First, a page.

- 80% of people with HIV used cannabis at least once weekly, mostly through smoking
- The top reported reason was pleasure, followed by stress and anxiety management
- Researchers found that cannabis use did not appear to affect HIV treatment adherence
In the first decade of the HIV pandemic, one complication was relentless weight loss (called wasting or the wasting syndrome). This complication could be caused by one or several factors, including changes in metabolism caused by HIV infection, chronic diarrhea, malabsorption and life-threatening infections and cancers. As the immune system deteriorated and people became weaker, loss of appetite and nausea became issues. In that era, some HIV-positive people smoked cannabis to increase their appetite and reduce nausea.
Today, severe weight loss caused by HIV is uncommon among people taking potent combination HIV treatment (ART) in Canada and other high-income countries. Even so, many HIV-positive people use cannabis. To find out more about cannabis use in the current era, a team of scientists at McGill University surveyed 104 people, some of whom had HIV and some who had both HIV and chronic hepatitis C virus infection (HCV).
The scientists found that cannabis use was common—nearly 80% of participants disclosed using it at least once weekly, usually via smoking. The most stated reason for cannabis use was for pleasure. A majority of participants disclosed that they used it to help manage issues such as anxiety, stress and chronic pain. People who used cannabis usually had good adherence to ART. The scientists found other interesting associations with cannabis use, which will be touched on later in this CATIE News bulletin.
The study team recruited 104 participants whose average profile was as follows:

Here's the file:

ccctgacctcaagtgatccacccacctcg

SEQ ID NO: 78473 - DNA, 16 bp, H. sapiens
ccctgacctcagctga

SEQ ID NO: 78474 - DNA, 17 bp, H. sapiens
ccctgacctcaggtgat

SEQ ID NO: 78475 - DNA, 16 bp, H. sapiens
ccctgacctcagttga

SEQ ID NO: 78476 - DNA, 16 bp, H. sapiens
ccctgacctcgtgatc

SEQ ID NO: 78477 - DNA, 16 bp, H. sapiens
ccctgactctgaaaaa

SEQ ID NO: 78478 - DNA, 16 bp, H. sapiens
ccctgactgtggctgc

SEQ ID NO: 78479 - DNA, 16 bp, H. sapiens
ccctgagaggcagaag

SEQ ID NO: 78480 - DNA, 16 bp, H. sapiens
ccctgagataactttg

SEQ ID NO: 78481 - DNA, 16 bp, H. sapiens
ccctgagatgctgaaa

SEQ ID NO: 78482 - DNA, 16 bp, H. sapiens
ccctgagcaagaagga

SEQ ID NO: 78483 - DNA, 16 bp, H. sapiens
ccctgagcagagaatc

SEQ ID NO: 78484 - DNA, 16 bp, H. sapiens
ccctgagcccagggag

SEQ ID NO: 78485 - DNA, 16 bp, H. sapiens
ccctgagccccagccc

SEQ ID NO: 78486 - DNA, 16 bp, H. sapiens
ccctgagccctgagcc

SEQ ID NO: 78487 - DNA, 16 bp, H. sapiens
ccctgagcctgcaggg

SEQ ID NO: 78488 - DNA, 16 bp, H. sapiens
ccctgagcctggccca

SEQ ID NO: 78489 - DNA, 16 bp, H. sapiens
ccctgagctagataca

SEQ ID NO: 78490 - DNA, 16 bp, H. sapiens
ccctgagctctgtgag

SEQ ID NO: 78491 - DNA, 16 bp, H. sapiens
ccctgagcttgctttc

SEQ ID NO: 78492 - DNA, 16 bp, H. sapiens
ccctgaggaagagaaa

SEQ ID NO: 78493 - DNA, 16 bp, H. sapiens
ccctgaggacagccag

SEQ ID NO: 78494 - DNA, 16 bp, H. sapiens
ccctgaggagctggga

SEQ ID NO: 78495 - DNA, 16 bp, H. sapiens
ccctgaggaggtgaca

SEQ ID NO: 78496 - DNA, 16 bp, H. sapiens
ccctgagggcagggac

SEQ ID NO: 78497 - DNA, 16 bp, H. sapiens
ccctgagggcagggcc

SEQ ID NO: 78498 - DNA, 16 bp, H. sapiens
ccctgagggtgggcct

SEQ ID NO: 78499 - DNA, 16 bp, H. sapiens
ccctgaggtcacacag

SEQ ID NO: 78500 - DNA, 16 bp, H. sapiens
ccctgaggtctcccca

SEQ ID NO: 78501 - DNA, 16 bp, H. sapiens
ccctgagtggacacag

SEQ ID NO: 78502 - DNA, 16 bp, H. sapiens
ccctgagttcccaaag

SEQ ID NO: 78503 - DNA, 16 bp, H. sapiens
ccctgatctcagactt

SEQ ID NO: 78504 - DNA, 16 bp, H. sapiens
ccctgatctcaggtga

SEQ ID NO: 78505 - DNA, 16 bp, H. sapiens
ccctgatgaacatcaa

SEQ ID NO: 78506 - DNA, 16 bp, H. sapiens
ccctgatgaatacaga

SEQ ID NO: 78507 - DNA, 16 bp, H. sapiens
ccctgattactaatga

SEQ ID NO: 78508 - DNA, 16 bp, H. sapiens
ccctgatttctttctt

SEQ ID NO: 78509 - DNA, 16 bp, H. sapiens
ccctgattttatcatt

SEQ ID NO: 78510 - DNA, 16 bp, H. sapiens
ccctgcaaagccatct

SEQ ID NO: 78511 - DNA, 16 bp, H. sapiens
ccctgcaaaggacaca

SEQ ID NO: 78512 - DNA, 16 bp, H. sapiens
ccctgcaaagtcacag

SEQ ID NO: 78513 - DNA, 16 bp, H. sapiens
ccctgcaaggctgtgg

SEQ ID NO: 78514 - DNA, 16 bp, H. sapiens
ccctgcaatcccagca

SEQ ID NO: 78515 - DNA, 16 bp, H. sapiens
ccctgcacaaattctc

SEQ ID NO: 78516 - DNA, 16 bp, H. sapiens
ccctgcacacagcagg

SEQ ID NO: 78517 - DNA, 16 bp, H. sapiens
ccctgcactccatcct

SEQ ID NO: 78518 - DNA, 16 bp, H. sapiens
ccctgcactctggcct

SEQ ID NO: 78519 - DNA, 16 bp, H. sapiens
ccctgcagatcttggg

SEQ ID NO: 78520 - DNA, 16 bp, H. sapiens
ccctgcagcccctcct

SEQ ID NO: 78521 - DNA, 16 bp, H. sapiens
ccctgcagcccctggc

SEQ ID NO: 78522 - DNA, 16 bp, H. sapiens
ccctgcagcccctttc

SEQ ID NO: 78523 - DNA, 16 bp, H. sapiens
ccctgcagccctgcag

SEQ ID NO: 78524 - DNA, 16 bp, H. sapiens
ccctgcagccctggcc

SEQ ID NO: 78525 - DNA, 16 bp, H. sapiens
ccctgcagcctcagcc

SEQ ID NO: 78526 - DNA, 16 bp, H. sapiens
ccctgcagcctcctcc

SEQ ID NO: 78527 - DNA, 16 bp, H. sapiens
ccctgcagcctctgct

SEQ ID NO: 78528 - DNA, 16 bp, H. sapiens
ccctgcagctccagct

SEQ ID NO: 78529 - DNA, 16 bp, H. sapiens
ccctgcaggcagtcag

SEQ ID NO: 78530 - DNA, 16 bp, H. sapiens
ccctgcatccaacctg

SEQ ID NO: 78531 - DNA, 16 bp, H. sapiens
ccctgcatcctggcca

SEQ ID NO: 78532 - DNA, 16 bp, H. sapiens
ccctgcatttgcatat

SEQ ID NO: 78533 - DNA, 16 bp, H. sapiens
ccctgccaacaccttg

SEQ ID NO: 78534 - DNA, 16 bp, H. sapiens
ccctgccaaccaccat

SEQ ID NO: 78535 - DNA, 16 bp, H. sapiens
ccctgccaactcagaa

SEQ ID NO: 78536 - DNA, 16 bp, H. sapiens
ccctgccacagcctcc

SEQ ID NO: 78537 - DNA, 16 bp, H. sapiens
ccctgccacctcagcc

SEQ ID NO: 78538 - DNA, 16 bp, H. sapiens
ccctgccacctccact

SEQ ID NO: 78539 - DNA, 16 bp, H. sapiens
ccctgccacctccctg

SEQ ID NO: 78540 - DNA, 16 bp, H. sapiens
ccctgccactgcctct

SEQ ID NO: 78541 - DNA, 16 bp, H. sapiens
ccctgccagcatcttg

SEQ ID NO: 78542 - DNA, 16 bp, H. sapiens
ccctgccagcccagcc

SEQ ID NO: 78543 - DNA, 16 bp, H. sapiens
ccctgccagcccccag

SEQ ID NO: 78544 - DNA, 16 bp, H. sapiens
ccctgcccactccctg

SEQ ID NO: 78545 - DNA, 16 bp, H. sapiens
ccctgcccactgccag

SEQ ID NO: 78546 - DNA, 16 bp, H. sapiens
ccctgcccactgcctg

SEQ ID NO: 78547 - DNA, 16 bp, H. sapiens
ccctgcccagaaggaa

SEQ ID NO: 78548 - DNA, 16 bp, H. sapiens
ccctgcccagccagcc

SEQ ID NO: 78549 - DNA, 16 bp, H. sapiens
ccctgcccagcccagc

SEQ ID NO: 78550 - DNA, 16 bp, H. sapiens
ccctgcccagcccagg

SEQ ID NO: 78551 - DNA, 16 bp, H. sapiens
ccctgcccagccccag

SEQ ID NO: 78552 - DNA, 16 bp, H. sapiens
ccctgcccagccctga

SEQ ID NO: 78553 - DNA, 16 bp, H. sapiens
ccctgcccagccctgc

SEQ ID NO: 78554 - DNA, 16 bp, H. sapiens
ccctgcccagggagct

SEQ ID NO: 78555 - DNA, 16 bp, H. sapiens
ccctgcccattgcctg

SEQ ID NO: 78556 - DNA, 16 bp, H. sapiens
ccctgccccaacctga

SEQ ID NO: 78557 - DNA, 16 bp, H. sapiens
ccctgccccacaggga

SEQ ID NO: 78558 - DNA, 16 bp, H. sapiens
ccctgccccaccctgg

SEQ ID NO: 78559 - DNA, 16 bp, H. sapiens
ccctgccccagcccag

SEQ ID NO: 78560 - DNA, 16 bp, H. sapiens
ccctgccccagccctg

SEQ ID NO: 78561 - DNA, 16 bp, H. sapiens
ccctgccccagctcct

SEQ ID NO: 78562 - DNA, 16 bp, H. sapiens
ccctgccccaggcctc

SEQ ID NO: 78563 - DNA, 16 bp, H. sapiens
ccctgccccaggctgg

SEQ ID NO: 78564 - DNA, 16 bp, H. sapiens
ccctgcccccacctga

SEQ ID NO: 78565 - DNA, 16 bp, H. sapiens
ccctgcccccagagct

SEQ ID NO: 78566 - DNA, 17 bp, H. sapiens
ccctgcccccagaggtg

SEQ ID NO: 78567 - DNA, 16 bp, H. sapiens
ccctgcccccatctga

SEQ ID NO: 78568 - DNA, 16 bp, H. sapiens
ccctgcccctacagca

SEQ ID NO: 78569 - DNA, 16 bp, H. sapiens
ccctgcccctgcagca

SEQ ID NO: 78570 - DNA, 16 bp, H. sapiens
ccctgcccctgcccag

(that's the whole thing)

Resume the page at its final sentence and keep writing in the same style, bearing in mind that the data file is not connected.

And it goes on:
- age -- 54 years
- 90 men, 13 women and one transgender person
- most participants were white (80%) and the other major ethno-racial groups were African, Caribbean and Black (6%) and Hispanic (6%)
- chronic viral infections: HIV alone -- 58%; HIV + HCV -- 42%
- CD4+ cell count -- 600 cells/mm3
- taking ART -- 97%
- had a detectable viral load -- 12%
- marital status: single -- 84%; married/common law -- 15%; widowed -- 1%
- common medical conditions: anxiety -- 39%; depression -- 33%; asthma -- 27%; higher-than-normal blood pressure -- 15%
- many participants began using cannabis when they were 18 years old
Participants filled in a detailed survey under the supervision of a member of the research team. This supervision was solely to ensure that participants completed the survey.
Results -- How Did People Use Cannabis?
People used cannabis in the following ways:
- smoked as a joint containing marijuana alone -- 65%
- smoked as a joint containing marijuana with tobacco -- 45%
- smoked in a pipe -- 35%
- smoked from a bong -- 15%
- used a vaporizer -- 9%
Note that some people used it in more than one way.
About 34% of participants disclosed that they consumed cannabis as "edibles," in brownies, cakes and cookies.
How Often Was Cannabis Used?
The frequency of cannabis use was as follows:
- more than once daily -- 32%
- daily -- 25%
- weekly -- 21%
- monthly -- 17%
- rarely (two to three times per year) -- 5%
About 67% of participants disclosed that they used cannabis in the 24 hours prior to their interview.